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I Realised I Would Never Be an Actor – Now I’m a Big Advocate of Giving up on Dreams

By Imogen West-Knights

23 Aug 2022 · 4 min read

Editor's Note

In this personal piece, the author describes why sometimes quitting may be the best option and she argues it is an essential life lesson in and of itself.

When I was eight, I won a competition for reading out loud. The passage I chose was from The Dare Game, the second Tracy Beaker book. I remember standing in front of my whole school, the purple book in my hands, pigtails bobbing in my peripheral vision. When I was done and I sat down, my body ringing with the applause, my dream was born. Clearly, I was destined for stardom on the stage.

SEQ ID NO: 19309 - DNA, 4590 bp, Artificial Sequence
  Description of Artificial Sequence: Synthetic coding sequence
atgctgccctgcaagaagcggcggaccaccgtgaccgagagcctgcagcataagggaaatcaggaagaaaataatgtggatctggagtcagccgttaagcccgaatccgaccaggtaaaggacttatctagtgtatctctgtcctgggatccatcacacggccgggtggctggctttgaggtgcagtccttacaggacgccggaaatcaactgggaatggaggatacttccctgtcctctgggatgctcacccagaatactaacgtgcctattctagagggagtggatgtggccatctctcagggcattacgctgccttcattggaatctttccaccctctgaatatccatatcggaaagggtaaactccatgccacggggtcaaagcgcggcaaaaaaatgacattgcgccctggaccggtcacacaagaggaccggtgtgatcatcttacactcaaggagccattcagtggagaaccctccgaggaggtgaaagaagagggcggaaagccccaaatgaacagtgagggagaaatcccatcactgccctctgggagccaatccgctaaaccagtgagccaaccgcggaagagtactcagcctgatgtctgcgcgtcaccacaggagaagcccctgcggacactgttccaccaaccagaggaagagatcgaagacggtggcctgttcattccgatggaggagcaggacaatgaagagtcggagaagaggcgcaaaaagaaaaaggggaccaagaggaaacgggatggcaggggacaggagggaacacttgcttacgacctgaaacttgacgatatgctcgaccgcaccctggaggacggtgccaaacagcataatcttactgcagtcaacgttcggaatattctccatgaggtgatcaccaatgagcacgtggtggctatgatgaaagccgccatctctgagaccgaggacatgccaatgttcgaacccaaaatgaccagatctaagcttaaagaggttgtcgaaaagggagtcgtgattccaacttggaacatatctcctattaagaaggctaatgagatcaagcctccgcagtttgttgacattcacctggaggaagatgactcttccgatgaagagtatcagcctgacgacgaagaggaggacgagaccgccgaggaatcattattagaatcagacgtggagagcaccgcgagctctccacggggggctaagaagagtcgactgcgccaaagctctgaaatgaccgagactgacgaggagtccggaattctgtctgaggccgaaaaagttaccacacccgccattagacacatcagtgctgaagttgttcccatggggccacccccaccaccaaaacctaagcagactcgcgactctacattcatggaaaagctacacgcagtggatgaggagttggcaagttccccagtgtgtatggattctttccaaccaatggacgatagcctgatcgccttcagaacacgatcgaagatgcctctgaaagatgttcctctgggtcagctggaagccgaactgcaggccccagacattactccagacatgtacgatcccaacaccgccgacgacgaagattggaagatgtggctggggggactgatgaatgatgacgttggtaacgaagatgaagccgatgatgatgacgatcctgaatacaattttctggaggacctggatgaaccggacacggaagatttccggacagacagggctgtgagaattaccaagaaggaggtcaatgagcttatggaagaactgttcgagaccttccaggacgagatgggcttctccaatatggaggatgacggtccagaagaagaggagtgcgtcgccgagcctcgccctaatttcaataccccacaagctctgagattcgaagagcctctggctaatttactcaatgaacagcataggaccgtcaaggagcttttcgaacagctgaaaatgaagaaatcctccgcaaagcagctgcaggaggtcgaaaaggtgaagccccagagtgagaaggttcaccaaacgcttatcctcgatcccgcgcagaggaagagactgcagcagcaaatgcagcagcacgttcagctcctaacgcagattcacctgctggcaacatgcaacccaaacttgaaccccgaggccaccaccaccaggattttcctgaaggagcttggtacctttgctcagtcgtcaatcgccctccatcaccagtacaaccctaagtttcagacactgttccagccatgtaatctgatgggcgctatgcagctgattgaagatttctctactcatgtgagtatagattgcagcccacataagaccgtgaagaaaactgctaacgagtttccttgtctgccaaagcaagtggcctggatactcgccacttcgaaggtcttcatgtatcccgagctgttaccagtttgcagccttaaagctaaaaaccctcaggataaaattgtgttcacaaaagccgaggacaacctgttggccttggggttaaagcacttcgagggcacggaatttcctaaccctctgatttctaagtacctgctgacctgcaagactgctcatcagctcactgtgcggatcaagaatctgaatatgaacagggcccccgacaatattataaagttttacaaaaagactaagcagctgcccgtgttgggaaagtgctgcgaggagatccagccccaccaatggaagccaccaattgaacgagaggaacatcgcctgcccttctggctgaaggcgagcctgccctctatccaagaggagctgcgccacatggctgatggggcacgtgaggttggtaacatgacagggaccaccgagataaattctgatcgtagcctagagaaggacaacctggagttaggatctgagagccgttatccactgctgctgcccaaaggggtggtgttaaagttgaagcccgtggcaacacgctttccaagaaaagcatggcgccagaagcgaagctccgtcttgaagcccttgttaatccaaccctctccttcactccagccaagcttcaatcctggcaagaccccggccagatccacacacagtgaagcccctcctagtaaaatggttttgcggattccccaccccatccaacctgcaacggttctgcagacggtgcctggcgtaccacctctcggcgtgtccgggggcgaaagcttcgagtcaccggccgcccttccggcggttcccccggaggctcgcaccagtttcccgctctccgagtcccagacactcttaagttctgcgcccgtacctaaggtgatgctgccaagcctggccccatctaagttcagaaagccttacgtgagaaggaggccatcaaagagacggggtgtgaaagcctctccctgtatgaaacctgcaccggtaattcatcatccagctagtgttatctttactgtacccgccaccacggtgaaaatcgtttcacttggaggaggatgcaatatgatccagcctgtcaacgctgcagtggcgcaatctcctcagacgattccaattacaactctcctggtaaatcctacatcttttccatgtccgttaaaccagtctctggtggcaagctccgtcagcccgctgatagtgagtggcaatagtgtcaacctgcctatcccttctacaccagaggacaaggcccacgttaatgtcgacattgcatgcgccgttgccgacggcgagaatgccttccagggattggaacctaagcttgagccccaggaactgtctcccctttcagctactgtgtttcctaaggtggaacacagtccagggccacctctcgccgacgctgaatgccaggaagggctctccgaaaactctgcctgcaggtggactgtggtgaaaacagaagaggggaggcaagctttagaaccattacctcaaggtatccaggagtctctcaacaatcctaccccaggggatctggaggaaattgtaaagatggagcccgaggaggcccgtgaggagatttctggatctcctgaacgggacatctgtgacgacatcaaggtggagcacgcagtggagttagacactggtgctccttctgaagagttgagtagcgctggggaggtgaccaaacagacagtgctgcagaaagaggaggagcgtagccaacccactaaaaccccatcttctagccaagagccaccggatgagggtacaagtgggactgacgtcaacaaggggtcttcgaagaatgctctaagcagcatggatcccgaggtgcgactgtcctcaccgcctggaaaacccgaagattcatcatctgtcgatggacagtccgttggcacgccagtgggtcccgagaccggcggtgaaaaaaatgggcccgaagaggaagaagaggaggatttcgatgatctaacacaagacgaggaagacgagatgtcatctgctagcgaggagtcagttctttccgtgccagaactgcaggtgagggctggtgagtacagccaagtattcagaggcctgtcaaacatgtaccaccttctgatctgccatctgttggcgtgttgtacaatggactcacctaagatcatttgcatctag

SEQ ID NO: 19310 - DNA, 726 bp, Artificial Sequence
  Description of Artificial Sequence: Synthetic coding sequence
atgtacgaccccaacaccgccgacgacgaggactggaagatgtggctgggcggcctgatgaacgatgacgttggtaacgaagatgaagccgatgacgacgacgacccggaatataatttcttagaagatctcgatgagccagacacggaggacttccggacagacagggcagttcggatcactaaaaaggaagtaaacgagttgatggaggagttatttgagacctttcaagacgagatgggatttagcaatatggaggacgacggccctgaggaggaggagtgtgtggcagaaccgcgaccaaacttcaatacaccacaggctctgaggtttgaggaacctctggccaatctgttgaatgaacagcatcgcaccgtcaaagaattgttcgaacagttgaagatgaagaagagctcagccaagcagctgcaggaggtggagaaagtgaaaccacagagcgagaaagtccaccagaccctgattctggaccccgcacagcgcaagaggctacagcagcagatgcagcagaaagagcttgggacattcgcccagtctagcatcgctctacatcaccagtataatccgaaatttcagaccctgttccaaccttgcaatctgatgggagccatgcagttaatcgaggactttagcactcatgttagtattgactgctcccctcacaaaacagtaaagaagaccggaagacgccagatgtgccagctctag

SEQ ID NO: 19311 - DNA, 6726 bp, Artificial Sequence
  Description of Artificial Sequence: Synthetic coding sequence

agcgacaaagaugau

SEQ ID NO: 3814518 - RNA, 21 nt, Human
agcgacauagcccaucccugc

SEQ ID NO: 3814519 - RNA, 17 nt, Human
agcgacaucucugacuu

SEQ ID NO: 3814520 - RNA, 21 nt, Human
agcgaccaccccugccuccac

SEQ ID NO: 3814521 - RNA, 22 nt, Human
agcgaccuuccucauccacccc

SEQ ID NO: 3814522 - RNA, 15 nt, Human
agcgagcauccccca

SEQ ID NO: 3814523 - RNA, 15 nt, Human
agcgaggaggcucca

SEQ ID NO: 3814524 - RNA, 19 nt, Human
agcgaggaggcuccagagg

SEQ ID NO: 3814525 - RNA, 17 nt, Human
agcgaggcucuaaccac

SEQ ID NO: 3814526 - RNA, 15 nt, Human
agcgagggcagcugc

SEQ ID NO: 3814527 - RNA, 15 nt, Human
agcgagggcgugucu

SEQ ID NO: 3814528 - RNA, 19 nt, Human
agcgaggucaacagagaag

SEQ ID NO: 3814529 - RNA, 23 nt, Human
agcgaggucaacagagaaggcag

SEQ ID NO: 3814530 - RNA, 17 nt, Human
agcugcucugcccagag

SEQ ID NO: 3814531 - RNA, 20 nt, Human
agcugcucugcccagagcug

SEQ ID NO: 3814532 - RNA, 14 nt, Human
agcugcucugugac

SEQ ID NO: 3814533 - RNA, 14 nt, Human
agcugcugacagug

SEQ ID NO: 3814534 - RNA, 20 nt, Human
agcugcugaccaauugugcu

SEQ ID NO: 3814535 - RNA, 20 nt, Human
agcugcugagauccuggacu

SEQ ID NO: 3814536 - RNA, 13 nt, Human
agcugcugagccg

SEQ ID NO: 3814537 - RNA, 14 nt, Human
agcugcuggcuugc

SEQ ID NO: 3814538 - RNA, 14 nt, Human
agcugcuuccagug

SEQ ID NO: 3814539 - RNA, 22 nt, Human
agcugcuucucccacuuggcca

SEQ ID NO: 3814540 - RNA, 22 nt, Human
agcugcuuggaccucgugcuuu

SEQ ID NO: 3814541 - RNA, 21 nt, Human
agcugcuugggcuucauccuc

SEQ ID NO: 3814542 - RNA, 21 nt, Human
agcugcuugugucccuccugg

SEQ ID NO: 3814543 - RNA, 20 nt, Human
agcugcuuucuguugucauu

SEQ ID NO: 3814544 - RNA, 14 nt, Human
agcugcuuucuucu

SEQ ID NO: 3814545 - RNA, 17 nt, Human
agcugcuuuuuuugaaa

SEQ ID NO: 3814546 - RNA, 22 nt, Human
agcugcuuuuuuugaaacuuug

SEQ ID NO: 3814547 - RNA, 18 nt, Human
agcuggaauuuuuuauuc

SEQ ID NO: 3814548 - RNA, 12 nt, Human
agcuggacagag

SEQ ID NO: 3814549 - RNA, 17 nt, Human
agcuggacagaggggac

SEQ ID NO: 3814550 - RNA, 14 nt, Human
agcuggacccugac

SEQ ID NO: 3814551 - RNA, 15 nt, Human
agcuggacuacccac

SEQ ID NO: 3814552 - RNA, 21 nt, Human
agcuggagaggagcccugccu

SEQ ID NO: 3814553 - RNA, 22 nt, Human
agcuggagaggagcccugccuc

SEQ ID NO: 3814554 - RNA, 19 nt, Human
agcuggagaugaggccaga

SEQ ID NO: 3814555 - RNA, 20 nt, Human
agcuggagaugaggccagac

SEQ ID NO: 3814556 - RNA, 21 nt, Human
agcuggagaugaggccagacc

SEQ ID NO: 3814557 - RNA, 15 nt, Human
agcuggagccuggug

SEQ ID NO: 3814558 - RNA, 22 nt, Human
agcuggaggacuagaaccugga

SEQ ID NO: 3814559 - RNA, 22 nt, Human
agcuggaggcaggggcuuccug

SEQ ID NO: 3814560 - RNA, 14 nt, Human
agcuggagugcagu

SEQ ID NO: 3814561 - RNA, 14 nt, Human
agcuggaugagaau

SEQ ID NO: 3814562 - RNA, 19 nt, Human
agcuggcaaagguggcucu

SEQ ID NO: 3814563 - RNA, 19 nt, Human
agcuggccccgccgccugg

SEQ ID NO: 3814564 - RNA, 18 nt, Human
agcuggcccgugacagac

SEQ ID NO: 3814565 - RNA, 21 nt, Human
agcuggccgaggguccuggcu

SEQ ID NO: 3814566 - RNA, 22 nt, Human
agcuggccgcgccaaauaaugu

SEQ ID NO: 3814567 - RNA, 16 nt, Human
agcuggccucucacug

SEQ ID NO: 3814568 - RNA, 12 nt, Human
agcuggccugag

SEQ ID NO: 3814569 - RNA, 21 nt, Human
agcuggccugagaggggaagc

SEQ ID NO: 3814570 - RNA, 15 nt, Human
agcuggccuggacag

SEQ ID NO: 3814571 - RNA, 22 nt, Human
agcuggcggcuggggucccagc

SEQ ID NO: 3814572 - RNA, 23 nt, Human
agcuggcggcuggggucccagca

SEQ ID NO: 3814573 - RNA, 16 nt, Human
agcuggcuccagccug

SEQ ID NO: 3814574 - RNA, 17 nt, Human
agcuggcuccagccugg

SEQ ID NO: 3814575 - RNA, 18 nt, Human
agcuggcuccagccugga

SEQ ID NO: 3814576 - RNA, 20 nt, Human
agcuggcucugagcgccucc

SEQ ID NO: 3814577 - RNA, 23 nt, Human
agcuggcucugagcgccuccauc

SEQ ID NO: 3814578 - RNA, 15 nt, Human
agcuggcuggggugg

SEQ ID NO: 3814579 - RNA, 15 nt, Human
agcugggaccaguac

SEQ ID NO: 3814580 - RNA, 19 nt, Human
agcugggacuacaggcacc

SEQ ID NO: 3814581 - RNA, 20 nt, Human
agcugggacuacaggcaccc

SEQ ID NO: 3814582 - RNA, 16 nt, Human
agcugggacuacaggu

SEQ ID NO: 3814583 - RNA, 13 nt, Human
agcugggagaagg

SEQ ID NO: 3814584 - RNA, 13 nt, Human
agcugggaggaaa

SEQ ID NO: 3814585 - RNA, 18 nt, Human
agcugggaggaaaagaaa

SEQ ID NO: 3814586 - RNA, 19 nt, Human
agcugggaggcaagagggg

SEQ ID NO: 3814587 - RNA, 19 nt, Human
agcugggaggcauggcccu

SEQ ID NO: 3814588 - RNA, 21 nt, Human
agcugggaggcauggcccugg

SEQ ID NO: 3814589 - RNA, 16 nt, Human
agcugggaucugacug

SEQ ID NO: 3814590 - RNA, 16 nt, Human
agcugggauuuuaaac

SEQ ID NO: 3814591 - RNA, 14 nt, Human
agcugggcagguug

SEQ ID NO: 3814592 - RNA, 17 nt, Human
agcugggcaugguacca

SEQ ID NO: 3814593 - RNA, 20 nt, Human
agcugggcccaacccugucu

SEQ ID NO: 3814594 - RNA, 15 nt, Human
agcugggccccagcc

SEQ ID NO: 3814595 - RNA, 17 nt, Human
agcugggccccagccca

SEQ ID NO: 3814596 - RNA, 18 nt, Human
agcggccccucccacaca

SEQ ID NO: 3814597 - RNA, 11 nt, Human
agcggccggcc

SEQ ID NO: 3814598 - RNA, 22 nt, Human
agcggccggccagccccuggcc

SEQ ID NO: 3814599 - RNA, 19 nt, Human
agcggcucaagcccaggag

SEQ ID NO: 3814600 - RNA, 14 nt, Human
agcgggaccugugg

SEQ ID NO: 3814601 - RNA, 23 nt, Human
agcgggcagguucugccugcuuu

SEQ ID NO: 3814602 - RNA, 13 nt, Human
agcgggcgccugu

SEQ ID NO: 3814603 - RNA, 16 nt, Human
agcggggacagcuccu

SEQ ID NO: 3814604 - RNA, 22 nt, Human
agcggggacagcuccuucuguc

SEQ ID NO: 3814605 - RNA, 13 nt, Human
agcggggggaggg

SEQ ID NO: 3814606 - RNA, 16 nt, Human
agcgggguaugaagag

I nursed this dream for another 14 years. I acted in school plays. I was, for my sins, a prolific sketch comedian at university. I performed in the upstairs rooms of pubs and in student theatres all over the country. I remember being backstage in Durham and wondering whether I had time to throw up from nerves in a bucket I’d spotted in the wings, still thinking: this is the life. I am sorry to say that there are, somewhere, a handful of short films that I starred in during my early 20s: kissing people and crying and, God help me, pretending to smoke a joint.

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